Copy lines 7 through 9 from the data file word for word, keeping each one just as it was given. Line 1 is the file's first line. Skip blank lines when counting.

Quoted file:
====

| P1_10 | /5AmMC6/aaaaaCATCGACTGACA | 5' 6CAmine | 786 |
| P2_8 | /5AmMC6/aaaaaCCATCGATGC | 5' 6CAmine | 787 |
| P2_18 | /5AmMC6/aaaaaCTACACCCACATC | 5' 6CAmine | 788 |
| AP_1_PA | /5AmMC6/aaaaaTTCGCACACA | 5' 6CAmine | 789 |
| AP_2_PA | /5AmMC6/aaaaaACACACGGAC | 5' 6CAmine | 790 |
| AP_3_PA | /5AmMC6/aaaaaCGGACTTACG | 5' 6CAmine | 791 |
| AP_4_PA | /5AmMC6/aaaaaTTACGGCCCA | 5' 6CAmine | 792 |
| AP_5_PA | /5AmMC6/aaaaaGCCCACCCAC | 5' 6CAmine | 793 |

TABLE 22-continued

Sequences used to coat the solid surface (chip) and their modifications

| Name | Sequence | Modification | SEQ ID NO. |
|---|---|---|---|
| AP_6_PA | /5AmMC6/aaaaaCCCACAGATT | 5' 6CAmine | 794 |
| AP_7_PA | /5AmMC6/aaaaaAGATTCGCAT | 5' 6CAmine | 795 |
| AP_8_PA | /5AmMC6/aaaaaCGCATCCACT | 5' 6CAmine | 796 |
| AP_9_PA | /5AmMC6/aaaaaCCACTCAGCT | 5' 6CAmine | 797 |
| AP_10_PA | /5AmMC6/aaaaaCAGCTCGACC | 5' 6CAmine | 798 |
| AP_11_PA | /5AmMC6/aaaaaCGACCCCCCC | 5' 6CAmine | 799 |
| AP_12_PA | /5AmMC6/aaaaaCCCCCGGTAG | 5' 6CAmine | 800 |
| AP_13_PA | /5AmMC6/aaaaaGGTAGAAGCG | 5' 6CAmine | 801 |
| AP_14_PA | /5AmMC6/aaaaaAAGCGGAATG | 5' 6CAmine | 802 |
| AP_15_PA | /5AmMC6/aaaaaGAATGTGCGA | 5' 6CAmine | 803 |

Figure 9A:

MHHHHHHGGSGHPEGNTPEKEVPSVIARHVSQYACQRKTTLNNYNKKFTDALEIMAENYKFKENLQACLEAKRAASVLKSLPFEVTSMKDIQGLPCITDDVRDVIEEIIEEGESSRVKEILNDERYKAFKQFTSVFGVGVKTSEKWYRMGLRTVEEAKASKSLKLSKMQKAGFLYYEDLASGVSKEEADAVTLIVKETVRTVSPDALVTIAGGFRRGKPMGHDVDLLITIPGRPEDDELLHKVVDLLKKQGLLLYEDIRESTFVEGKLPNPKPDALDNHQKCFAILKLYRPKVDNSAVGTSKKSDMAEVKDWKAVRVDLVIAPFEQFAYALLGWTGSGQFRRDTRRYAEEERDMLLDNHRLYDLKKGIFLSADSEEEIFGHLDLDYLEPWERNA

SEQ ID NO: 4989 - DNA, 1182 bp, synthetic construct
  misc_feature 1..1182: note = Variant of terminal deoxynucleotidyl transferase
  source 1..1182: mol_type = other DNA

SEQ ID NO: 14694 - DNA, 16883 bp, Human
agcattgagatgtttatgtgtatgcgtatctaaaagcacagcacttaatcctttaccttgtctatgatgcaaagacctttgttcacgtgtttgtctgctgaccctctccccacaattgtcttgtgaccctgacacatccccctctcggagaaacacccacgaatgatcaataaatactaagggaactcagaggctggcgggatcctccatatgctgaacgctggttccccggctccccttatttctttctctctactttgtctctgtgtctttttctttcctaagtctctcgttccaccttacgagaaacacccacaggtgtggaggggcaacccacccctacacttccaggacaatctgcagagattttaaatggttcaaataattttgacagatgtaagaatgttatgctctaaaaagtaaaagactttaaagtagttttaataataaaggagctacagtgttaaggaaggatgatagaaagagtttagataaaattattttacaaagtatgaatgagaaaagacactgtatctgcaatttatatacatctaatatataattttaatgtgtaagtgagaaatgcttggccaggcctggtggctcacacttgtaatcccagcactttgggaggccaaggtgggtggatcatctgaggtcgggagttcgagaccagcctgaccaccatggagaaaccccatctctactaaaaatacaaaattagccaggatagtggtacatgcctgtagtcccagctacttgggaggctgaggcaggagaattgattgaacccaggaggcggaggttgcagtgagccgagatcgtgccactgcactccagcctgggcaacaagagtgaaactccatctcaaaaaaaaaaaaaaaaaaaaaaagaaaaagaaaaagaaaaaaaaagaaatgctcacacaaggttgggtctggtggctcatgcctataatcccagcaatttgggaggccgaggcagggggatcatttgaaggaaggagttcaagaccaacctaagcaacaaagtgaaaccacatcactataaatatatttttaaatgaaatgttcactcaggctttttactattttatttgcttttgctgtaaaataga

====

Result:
| AP_4_PA | /5AmMC6/aaaaaTTACGGCCCA | 5' 6CAmine | 792 |
| AP_5_PA | /5AmMC6/aaaaaGCCCACCCAC | 5' 6CAmine | 793 |

TABLE 22-continued